Latest Federal Budget overlooks heritage architecture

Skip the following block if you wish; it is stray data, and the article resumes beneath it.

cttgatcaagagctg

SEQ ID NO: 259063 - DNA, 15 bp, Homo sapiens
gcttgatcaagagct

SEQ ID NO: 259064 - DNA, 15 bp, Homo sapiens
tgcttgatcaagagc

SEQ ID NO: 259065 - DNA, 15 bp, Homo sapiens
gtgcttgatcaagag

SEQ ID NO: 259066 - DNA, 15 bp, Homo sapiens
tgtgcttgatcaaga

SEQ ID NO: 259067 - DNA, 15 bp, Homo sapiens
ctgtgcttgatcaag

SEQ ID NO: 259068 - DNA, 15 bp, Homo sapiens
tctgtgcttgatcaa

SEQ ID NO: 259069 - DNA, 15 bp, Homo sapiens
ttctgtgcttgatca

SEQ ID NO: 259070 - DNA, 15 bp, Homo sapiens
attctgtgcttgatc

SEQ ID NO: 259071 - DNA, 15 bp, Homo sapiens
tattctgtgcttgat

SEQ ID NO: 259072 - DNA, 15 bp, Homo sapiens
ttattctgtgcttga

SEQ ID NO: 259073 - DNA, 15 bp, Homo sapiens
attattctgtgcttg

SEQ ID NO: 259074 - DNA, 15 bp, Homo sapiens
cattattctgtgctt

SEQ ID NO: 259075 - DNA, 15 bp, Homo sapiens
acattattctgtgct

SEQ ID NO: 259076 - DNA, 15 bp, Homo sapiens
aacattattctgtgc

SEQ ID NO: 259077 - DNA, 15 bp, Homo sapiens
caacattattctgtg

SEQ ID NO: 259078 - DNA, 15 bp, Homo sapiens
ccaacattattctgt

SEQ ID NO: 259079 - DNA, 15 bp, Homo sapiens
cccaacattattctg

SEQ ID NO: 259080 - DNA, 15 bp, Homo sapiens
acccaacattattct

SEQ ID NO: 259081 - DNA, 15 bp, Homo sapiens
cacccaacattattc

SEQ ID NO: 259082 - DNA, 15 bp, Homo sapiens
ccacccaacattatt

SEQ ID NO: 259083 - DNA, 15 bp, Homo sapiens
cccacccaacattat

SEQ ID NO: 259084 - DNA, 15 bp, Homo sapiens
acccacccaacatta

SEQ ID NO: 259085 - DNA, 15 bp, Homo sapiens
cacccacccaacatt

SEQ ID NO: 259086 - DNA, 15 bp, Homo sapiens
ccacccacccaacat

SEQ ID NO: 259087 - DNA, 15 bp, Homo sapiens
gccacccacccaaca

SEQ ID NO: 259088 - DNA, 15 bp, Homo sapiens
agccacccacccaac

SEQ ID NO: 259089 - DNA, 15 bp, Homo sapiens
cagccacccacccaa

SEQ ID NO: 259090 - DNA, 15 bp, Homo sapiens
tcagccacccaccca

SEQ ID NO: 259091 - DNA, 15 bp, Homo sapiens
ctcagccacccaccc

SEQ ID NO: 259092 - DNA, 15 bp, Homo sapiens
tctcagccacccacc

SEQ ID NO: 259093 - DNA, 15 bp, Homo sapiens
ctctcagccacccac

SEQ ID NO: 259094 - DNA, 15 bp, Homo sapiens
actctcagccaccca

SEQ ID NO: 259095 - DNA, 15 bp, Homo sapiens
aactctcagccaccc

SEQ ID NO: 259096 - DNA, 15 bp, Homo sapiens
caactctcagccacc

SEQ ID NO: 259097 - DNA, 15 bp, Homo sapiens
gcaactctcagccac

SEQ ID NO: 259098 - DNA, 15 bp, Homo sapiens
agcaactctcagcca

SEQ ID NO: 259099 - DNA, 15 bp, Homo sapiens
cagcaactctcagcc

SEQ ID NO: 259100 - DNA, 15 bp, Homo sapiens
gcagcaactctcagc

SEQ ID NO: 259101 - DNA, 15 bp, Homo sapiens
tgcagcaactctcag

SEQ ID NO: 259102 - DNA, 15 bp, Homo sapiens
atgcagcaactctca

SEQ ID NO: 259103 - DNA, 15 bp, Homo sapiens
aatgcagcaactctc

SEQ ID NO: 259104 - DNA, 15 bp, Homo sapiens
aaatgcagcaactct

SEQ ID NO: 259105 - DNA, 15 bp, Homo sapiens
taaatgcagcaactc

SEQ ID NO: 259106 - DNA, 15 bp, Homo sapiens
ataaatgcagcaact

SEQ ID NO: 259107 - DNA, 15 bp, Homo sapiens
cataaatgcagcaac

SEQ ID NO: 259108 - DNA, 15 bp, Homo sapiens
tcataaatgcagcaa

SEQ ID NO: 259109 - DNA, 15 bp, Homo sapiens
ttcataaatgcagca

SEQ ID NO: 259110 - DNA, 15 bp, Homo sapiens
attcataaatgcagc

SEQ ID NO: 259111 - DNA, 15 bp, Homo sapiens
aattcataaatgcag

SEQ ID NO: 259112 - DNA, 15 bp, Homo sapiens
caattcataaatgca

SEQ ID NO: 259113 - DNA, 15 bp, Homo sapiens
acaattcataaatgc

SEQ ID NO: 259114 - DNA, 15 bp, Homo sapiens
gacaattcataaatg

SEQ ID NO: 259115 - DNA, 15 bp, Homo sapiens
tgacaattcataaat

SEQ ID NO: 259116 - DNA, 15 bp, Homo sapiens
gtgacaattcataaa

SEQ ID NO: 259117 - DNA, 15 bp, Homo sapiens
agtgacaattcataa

The Heritage Canada Foundation, Canada’s national voice for the conservation of historic places, expressed disappointment that the federal government missed an opportunity to encourage investment in Canadian communities in its May 2006 budget. For decades, the Heritage Canada Foundation and its partners in architecture, urban planning and municipal affairs have asked for changes to the federal tax system that would encourage Canadians to rehabilitate deteriorating heritage buildings. In its brief to the Department of Finance, the Foundation proposed that the government create financial incentives such as a tax credit or capital cost allowance to encourage the private sector to rehabilitate revenue-producing heritage buildings. The federal government estimates that there are some 20,000 such buildings with recognized heritage value capable of generating revenue. In the United States, approximately 1,000 buildings a year are rehabilitated through its tax incentive program. For example, the 20 percent federal rehabilitation tax credit equals 20 percent of the amount spent in a certified rehabilitation of a historic structure. Since 1976, the US federal tax code became aligned with national historic preservation policy encouraging investment nationwide, stimulating local economies, increasing the property tax base for municipalities and the growth of heritage tourism. For several decades, many municipalities and provinces in Canada have offered tax-based incentives, such as phased-in tax increases, which result from a rehabilitation project, over 10 years. It is time the federal government stepped up. Projects like the Distillery District in Toronto and the Lougheed Building in Calgary enhance Canadian communities instead of sending building material to the landfill. Canada is the only G8 country that doesn’t have federal tax incentives to encourage private sector investment in the country’s historic buildings.